Saint Margaret and the mysterious silence
Margaret Clitherow was a devout Catholic in the town during a time when King Henry VIII wanted to overthrow the Catholic faith and create his own religion and church – the Church of Engalnd. No one was allowed to be Catholic but Margaret housed travelling Catholics and still practiced her faith so the people of York had to make an example of her. They laid her on a big piece of board and put a rock under her back, put another board on top of her, then piled rocks on top of that board until the weight broke her back. She is now named a Saint. After her death she became a hero to Catholics and one bishop was in such awe of her that he cut off her hand and preserved it. Margaret’s hand is now in the York museum. Her house faces The Shambles and at 12.20pm each day there is always an unplanned, unintentional 30 seconds of silence in the street. Even people that don’t know the story fall silent. It’s thought that 12.20pm was the time she died.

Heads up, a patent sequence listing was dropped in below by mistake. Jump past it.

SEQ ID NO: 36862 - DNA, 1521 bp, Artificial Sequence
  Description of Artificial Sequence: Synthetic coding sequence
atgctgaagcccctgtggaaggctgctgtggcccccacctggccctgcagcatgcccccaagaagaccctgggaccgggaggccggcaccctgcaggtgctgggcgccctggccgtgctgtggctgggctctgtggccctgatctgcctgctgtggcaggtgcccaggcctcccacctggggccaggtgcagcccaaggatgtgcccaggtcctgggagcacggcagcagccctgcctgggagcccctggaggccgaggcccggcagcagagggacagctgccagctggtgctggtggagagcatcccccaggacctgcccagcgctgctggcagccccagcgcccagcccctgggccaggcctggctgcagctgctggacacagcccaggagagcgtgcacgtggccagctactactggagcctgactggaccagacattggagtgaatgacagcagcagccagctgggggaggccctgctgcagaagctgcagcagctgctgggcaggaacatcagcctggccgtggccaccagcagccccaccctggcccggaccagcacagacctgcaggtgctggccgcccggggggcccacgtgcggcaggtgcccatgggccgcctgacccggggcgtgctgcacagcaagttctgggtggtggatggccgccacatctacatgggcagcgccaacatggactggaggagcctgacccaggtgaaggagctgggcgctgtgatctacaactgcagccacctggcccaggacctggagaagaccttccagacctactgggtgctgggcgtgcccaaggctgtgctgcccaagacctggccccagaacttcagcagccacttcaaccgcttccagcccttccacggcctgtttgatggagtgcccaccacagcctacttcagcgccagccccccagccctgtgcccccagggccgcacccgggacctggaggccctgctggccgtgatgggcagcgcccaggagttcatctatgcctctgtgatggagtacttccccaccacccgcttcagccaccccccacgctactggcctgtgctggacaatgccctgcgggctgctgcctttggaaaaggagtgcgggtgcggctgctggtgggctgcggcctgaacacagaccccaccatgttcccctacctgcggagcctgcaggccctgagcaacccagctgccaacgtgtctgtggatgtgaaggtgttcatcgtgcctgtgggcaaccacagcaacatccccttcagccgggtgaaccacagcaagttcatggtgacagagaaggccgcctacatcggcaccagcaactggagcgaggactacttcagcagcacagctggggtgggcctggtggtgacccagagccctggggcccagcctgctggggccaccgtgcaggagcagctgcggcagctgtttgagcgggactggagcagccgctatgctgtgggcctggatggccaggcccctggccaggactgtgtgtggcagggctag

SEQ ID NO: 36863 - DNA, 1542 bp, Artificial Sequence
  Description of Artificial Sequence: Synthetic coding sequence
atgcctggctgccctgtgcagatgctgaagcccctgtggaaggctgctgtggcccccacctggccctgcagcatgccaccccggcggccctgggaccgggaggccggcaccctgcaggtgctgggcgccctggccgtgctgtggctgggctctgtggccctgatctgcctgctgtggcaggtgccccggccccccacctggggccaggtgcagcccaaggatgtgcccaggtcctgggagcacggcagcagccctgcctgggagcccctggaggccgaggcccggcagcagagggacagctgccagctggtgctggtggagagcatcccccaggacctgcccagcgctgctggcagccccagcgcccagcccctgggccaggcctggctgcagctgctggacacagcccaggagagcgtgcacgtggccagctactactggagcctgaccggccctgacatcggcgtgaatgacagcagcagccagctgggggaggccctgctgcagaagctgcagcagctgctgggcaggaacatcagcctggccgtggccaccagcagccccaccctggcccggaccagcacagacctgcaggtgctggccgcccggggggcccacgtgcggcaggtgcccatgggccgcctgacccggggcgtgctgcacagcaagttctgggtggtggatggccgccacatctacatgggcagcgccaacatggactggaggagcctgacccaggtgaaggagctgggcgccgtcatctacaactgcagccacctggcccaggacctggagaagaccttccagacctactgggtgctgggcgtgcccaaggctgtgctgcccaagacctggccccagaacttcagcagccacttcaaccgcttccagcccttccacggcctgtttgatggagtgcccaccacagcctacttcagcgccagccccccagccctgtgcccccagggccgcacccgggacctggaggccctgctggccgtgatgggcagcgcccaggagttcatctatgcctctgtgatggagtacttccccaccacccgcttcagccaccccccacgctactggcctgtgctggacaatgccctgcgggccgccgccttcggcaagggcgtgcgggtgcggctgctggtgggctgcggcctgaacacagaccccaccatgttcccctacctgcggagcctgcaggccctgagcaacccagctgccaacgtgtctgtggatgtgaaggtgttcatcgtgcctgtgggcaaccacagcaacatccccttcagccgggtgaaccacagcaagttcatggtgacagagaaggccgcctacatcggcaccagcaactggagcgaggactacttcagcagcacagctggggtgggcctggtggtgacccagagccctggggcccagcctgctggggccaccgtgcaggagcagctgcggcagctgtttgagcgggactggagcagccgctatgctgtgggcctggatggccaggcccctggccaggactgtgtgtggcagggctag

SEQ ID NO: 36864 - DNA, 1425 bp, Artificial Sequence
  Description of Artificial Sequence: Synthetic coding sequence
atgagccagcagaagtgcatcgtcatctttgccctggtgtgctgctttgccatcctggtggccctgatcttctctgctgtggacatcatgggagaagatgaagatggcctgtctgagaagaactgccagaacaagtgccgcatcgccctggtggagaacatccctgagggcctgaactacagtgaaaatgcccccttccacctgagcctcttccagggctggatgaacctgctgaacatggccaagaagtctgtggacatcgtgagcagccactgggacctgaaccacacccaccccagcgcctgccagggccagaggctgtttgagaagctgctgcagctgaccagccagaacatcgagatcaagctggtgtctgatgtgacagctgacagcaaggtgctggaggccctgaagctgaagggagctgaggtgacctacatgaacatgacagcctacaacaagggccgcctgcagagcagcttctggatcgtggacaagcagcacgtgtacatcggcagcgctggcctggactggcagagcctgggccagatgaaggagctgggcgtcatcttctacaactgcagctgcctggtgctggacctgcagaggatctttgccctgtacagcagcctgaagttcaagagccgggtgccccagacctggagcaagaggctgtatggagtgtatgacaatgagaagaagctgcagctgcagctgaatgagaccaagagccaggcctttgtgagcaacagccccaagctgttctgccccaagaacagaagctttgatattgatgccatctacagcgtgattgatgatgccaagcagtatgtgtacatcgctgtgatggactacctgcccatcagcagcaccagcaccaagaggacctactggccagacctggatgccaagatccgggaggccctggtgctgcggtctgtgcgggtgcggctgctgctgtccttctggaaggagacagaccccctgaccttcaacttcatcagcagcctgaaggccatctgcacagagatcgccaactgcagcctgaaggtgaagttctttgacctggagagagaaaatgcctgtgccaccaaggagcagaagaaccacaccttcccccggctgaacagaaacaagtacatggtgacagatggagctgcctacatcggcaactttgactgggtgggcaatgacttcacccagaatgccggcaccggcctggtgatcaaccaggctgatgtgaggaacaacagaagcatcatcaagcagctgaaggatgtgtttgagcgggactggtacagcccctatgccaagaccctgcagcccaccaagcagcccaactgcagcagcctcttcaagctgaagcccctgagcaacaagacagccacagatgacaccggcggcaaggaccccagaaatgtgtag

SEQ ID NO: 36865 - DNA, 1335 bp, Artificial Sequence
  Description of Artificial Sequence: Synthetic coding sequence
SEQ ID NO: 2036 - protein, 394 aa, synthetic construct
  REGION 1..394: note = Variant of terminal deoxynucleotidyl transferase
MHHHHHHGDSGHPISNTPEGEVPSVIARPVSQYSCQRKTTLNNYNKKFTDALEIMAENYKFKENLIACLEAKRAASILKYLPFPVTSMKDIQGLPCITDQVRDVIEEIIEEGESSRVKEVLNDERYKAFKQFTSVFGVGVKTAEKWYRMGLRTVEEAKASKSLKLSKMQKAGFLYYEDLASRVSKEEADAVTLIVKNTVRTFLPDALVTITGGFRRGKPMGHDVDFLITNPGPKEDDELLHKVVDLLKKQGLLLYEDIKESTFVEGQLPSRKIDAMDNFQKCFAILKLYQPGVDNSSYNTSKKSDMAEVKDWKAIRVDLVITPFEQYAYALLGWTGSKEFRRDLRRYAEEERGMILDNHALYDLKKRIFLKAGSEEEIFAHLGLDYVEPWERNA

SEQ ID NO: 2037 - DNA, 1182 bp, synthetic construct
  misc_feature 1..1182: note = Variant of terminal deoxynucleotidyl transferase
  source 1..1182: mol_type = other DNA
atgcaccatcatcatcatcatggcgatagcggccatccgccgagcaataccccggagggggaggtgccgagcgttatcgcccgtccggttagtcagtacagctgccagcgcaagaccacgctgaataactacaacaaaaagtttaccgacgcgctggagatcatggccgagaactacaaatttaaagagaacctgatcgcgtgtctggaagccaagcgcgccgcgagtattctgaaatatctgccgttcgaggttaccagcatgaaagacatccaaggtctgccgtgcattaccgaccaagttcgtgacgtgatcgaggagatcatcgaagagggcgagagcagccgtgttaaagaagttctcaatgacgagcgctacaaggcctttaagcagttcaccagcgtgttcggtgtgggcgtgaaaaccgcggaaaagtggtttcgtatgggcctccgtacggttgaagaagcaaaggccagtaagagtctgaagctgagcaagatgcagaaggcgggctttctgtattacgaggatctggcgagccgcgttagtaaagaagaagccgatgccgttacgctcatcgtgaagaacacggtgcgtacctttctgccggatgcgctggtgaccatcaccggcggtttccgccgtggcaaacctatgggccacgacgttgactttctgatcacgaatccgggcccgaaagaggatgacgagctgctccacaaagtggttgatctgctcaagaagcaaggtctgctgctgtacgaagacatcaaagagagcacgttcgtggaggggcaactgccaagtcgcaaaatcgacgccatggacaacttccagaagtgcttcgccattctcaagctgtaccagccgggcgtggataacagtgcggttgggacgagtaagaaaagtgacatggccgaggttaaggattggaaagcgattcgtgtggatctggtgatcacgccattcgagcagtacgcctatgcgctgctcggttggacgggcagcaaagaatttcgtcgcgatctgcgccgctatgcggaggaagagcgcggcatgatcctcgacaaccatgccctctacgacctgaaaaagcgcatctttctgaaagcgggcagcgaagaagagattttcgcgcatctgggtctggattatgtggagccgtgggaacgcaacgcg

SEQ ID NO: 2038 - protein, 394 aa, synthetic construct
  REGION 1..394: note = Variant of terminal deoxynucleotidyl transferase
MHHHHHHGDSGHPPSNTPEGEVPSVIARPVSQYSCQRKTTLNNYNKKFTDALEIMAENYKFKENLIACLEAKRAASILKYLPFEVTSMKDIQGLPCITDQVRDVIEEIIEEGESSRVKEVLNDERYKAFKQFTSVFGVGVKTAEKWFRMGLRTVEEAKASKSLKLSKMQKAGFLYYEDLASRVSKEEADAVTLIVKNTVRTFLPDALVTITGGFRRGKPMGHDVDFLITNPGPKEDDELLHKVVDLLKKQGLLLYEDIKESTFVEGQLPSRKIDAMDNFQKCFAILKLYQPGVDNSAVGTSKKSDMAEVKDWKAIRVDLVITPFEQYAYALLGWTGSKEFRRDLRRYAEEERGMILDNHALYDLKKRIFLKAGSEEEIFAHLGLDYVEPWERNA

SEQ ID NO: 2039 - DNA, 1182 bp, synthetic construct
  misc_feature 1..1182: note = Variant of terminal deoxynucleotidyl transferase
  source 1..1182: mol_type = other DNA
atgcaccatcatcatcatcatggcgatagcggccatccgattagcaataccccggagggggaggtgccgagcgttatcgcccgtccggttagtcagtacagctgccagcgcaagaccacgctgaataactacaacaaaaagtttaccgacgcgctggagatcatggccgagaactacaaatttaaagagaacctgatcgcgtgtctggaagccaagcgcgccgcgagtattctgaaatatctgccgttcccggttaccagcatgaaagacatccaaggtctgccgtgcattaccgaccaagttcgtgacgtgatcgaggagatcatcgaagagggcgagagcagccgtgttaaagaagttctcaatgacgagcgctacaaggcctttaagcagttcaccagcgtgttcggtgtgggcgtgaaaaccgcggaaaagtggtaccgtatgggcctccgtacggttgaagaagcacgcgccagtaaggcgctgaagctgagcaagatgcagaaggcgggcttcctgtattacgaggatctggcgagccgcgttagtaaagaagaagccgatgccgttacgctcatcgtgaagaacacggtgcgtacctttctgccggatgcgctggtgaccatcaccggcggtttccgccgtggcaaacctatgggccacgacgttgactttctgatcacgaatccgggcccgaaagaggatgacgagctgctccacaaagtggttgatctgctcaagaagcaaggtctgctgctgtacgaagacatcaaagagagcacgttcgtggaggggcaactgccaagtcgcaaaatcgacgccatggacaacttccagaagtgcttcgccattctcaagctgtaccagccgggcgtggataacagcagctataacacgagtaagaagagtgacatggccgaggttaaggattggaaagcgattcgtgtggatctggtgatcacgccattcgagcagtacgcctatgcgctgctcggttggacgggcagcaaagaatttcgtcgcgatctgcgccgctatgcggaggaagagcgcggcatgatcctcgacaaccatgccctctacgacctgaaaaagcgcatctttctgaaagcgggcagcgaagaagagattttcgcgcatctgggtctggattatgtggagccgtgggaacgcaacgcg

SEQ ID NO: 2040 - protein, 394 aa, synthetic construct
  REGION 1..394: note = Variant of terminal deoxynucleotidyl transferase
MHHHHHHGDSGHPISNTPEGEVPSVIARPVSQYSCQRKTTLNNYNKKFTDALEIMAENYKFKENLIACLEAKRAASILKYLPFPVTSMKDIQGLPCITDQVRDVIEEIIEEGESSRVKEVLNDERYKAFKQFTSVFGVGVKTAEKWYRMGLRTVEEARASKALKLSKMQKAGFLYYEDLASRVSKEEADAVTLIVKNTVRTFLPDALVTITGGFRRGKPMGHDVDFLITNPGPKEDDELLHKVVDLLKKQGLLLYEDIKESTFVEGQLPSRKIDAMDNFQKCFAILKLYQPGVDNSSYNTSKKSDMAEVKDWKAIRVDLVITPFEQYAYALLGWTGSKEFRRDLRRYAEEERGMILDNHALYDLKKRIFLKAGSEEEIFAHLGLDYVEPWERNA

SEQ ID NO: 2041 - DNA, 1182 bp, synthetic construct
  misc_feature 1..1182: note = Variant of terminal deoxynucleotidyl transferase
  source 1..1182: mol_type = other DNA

The plague and the crying girl
There was a block of houses where all occupants had the plague. The townspeople were so scared that they boarded up the houses so those inside couldn’t get out. Eventually, everyone inside died of the plague. Except a little 7-year-old girl who appeared to be immune to the disease. But the townspeople wouldn’t let her out for fear she’d infect them all. She would sit in her bedroom window in her white dress, crying. Eventually she starved to death, but, even today, people say they see her sitting in the window, crying.
There were many other ghost stories. Pretty freaky.
An interesting fact
The reason we now refer to a group of people as ‘guys’ is because of Guy Fawkes – a Catholic who was caught red-handed with gunpowder under Westminster and plotting to assassinate King James. He was caught and his head was cut off and paraded around on a stick. Even now the people of York have “Guy Fawkes Day” where groups of people parade around with models of Guy’s head on sticks. So people would call out, “Look at those Guys over there!” Apparently that’s where the term “guys” come from anyway.